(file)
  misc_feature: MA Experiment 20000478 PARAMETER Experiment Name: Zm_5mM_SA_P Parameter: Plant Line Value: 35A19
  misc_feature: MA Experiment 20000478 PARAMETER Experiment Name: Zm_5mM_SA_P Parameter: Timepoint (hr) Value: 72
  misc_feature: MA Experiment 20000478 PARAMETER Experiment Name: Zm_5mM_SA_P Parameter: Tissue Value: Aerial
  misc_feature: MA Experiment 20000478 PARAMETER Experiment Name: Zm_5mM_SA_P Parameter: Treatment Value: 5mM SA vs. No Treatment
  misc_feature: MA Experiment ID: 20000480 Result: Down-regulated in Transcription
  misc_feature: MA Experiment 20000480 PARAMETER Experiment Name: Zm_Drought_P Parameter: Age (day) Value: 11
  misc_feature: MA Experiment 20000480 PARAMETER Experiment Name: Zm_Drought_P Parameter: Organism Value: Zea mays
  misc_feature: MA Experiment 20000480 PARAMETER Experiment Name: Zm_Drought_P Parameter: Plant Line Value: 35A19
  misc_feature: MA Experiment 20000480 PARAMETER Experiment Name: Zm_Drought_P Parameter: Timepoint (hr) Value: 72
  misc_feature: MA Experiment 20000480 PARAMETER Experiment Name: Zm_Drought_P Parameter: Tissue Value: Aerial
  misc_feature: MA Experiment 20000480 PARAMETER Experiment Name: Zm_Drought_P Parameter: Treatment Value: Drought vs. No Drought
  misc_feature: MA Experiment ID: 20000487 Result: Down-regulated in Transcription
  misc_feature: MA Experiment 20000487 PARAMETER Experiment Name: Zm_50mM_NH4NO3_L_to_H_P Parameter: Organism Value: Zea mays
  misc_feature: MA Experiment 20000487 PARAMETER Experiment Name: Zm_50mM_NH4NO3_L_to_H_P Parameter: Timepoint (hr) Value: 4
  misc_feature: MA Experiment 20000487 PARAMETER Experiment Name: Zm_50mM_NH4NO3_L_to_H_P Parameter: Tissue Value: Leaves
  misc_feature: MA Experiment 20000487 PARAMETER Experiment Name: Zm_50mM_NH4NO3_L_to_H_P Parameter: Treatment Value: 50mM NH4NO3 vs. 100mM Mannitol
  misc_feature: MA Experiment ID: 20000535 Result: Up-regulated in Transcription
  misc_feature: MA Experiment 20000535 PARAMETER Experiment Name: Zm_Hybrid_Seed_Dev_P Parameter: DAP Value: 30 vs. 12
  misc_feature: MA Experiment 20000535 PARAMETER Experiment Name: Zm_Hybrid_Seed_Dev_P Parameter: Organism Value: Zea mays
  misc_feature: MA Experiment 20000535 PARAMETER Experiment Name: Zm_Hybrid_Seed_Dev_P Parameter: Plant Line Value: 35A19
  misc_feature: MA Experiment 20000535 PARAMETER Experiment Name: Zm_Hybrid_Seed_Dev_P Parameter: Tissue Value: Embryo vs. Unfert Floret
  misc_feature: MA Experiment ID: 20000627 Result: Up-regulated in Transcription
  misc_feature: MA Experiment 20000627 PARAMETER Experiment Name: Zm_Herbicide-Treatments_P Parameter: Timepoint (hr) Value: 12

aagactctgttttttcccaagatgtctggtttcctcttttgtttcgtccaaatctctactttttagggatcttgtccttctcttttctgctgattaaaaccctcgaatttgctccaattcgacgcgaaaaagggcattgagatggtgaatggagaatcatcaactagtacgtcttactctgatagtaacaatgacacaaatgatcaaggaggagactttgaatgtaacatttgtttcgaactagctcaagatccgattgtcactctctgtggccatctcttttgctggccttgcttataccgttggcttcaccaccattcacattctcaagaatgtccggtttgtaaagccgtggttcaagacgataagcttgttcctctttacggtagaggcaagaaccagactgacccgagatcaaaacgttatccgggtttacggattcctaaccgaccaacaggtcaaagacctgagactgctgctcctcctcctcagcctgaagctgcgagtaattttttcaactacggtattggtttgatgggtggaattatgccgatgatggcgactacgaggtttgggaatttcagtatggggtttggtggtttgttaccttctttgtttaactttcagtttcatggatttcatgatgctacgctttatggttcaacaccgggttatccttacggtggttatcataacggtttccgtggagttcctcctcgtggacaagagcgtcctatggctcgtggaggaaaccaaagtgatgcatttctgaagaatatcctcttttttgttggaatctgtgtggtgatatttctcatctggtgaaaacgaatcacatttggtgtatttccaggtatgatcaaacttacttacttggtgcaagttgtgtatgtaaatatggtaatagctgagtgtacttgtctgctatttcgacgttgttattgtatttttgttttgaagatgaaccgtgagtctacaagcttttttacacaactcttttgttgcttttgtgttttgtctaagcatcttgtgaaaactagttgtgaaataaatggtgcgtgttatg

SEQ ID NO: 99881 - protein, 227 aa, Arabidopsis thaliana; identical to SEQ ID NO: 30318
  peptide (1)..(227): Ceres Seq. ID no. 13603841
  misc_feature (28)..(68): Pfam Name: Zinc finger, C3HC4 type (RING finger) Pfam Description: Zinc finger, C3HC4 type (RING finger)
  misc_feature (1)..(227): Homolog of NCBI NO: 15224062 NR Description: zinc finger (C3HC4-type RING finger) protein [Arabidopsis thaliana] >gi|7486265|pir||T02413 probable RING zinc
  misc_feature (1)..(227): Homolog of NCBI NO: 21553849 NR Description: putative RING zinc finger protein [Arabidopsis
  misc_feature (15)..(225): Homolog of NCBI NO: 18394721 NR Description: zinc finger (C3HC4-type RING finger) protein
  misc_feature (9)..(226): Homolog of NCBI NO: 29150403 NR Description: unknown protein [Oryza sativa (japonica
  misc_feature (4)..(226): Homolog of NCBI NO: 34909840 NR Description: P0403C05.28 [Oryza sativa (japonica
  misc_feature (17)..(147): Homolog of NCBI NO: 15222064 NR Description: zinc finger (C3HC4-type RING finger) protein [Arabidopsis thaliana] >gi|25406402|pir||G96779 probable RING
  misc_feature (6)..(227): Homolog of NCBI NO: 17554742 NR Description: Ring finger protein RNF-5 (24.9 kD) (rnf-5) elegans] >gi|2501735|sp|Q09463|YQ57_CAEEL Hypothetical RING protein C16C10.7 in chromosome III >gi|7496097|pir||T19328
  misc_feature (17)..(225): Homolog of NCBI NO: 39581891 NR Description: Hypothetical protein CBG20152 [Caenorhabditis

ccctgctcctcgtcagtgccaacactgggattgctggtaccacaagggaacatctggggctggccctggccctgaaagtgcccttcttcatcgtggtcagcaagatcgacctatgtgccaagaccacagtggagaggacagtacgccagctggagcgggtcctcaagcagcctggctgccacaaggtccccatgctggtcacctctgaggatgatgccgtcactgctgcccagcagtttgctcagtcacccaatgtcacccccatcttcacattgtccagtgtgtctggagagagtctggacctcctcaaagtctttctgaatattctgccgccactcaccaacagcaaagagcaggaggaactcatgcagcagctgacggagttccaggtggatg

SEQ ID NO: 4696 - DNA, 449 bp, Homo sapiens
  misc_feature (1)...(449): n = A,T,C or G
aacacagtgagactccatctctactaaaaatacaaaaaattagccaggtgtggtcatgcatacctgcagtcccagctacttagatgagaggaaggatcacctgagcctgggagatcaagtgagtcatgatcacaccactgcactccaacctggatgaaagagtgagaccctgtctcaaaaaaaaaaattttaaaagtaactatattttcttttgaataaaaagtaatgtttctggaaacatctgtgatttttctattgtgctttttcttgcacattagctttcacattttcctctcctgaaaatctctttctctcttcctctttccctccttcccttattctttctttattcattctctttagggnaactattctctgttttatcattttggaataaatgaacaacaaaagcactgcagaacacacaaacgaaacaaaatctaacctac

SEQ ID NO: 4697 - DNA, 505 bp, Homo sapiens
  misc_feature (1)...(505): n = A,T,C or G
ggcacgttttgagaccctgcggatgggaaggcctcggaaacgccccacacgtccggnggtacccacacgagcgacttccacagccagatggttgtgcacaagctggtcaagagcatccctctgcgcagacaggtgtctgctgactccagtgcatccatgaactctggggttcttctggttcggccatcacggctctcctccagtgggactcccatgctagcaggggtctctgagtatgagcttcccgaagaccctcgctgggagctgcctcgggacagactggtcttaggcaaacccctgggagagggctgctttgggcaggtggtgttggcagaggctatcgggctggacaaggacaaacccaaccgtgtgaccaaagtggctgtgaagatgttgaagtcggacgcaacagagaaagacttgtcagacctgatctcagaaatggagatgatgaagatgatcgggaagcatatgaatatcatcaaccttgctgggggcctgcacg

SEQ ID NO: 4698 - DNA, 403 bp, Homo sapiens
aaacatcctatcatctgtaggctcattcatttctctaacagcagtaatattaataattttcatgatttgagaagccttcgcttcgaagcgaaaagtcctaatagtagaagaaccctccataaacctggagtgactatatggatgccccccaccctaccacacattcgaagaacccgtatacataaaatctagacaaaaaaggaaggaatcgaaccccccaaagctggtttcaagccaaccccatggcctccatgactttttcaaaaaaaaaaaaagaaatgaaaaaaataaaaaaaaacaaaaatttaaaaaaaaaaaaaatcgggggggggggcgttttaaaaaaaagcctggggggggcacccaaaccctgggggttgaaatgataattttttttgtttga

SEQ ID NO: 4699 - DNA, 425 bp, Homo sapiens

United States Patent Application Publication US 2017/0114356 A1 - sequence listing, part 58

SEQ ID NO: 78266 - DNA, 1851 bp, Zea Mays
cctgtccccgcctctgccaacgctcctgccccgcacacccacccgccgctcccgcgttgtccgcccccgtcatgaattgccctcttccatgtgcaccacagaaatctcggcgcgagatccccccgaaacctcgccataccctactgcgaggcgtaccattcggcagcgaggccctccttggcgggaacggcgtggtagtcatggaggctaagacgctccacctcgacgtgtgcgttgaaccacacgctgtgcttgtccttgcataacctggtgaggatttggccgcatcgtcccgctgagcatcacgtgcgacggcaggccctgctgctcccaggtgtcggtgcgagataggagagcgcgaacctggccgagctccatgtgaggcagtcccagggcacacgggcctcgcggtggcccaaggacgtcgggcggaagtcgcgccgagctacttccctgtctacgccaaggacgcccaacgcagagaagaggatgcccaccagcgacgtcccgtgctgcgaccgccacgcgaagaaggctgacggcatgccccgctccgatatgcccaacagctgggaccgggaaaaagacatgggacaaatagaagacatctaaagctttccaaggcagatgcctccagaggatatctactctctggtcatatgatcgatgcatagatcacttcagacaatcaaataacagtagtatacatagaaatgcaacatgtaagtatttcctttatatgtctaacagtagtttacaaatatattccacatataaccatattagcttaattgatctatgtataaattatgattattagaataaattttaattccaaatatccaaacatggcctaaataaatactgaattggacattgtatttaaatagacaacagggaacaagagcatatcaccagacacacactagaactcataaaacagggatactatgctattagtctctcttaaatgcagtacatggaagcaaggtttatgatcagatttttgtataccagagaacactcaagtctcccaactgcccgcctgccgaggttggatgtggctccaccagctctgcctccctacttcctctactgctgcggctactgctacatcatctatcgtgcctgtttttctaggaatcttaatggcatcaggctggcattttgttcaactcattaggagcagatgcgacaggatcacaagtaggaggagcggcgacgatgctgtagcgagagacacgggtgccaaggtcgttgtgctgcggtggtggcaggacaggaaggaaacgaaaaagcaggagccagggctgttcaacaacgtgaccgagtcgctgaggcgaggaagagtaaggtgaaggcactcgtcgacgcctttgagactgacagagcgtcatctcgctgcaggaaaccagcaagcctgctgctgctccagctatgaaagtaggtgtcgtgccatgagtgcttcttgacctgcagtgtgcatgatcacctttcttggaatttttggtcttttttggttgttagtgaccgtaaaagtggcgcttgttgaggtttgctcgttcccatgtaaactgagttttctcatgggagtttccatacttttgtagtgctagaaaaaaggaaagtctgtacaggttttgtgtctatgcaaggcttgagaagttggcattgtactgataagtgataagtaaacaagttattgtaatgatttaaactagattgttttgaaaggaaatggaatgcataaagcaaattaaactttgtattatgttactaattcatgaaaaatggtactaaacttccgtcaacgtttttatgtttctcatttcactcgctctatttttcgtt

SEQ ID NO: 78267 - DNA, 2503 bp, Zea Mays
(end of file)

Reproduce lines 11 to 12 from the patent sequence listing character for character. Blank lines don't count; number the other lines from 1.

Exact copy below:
  misc_feature: MA Experiment 20000480 PARAMETER Experiment Name: Zm_Drought_P Parameter: Treatment Value: Drought vs. No Drought
  misc_feature: MA Experiment ID: 20000487 Result: Down-regulated in Transcription